Meanwhile, for others, it comes down to the micro-cheater’s objective. For example, there’s a difference between somebody simply forgetting their wedding ring at home or purposely going empty-handed with the intention to signal single status, Pasciucco says. To determine the objective of the action, Anderson suggests looking for a few signs: Are they being secretive? Do they seem distant? Are they overreacting to your questioning?

At what point am I overreacting?

If your partner’s behavior is bothering you, you’re allowed to communicate that even if your partner views their actions as normal, Pasciucco says. Hopefully, you can get on the same page. But maybe they aren’t interested in changing their habits, and that’s okay. Just like it’s okay if you decide you don’t want to be in a relationship with someone who can’t meet you where you’re at.

While you’re certainly allowed to have boundaries and expectations in a relationship, you might be hurting yourself if you sound the alarm every time your partner hits “like” on an Instagram photo. In some cases, those trust issues can become a “self-fulfilling prophecy,” Bronstein adds. If someone shows a lot of insecurity and distrust, that partner might end up actually cheating since you think they are cheating anyway, she explains.

For those that have encountered betrayal or infidelity in the past, you might be particularly scared of cheating—which is understandable. Many people go into a new relationship and second-guess their partner’s actions. They think they’ll behave the same way an ex did, says Bronstein. “Because you’re on edge, you look at that new person as guilty until proven innocent, rather than innocent until proven guilty.”

All three experts recommend working through your trauma and fears through therapy and/or productive conversations with your partner. Because if you show up to a future relationship with unresolved issues, it can be hard to differentiate between your insecurities and your intuition, Bronstein explains. For example, say a past partner micro-cheated through texting interactions, you might overanalyze or overreact to a future partner’s phone use, adds Anderson.

What should I do if my partner is micro-cheating on me?

When you believe your partner is micro-cheating on you, all three experts advise having an open, honest, and direct conversation with them. And they have a few tips for doing so:

1. Set rules/boundaries ahead of time.

This one’s more of a preventative measure, but since every relationship is different, it’s important to establish ground rules. If you’re entering a polyamorous and/or open relationship, have an explicit conversation about what your boundaries are. And if you’re in a monogamous relationship, discuss what monogamy and exclusivity mean to both of you.

“If you want to have a long-lasting, healthy relationship, having a conversation about the bounds of fidelity in their relationship is a really important place to start to get closer,” Pasciucco says. “And if you’ve never explicitly said things are problematic to you, you’re just assuming your partner has been in your brain your whole life.” Spoiler alert: They’re not, so if you haven’t had that conversation, it’s time to pencil it in.

Bronstein even recommends documenting the agreed-upon boundaries to refer back to. Whether that means a few bullet points in your notes app or a signed, hand-written note, creating some kind of “relationship bible” or “contract” is key to clear communication.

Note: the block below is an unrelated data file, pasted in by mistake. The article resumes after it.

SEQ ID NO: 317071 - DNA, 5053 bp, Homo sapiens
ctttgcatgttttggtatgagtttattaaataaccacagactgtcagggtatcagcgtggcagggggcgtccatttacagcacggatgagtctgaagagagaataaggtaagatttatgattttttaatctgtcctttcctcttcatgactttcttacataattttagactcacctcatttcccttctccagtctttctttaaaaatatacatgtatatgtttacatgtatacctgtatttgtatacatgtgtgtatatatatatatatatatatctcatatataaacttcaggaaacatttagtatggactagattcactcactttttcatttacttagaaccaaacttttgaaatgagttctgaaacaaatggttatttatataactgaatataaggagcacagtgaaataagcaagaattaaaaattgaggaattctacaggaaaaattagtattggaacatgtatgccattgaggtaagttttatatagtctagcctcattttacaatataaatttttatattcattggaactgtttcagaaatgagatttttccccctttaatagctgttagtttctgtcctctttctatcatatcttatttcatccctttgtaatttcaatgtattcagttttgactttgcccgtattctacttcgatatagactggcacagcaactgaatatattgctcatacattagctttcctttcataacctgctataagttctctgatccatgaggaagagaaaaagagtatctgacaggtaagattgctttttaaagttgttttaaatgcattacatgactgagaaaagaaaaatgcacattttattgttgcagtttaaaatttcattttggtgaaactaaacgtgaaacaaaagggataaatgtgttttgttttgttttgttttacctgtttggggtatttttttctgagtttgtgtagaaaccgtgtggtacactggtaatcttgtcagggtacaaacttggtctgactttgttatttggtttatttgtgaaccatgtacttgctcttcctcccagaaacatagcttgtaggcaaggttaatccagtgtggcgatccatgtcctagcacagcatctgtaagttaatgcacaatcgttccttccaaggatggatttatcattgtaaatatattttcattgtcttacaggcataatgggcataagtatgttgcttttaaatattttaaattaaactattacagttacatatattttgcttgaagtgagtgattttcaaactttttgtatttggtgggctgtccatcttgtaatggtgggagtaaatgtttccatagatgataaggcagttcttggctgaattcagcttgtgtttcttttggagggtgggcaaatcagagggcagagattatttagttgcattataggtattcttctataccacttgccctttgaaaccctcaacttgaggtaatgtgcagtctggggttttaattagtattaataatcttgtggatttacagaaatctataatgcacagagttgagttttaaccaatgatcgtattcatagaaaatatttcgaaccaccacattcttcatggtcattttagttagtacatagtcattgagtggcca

2. Approach your conversation calmly.

Rather than show up with anger, be vulnerable and “lead with curiosity,” says Anderson. If your partner has a habit of flirting online with their exes, ask them where this behavior is coming from. You might say, “I’ve noticed that you still DM your exes and respond to their Instagram Stories. Is something off in our relationship, or is there another reason you’re doing this? I want to work on this with you.”

3. Use “I” statements.

Using “I” statements can also be beneficial, Bronstein adds. Share how something makes you feel, and then give your partner the space to share their perspective, she explains. So, instead of saying, “You’re cheating on me by being handsy with friends,” try something like, “I felt uncomfortable and confused when I saw photos of you cuddling with a friend the other night.”

Here’s why it works: If you start by critiquing their behavior, “the other person might get defensive, but by sharing just how you’re feeling, the other person can decide to react however they want,” she says. And hopefully, this leads them to feel empathetic and validate your feelings, rather than get defensive over feeling accused.

4. Revisit your “rules” whenever you need to.

Your comfort level might change over time—and that’s totally okay. For example, maybe you thought you were okay with your S.O. maintaining a friendly relationship with an old hookup, but as your relationship grows more serious, it starts to make you uncomfortable. If you do choose to write up a “contract,” set up regular intervals to revisit and discuss your rules, suggests Bronstein.

Ultimately, while everyone can hope for a positive reaction to a clear conversation about micro-cheating, that might not always be the case. If you’ve addressed how your partner’s behavior has made you feel and your partner doesn’t stop, “you have to be honest with yourself about what your needs are in a relationship,” Anderson says. Because if that person cannot create a healthy, secure relationship with you—or you have different ideas of what constitutes commitment—it might be time to move on.



Jordana Comiter (she/her) is a freelance writer from South Florida and a graduate of Tulane University and Northwestern University’s Medill School of Journalism. She loves covering all things lifestyle, including dating, entertainment + pop culture, health + wellness, travel, and more. When she’s not writing, she enjoys group fitness classes, wholesome romance novels, and live music.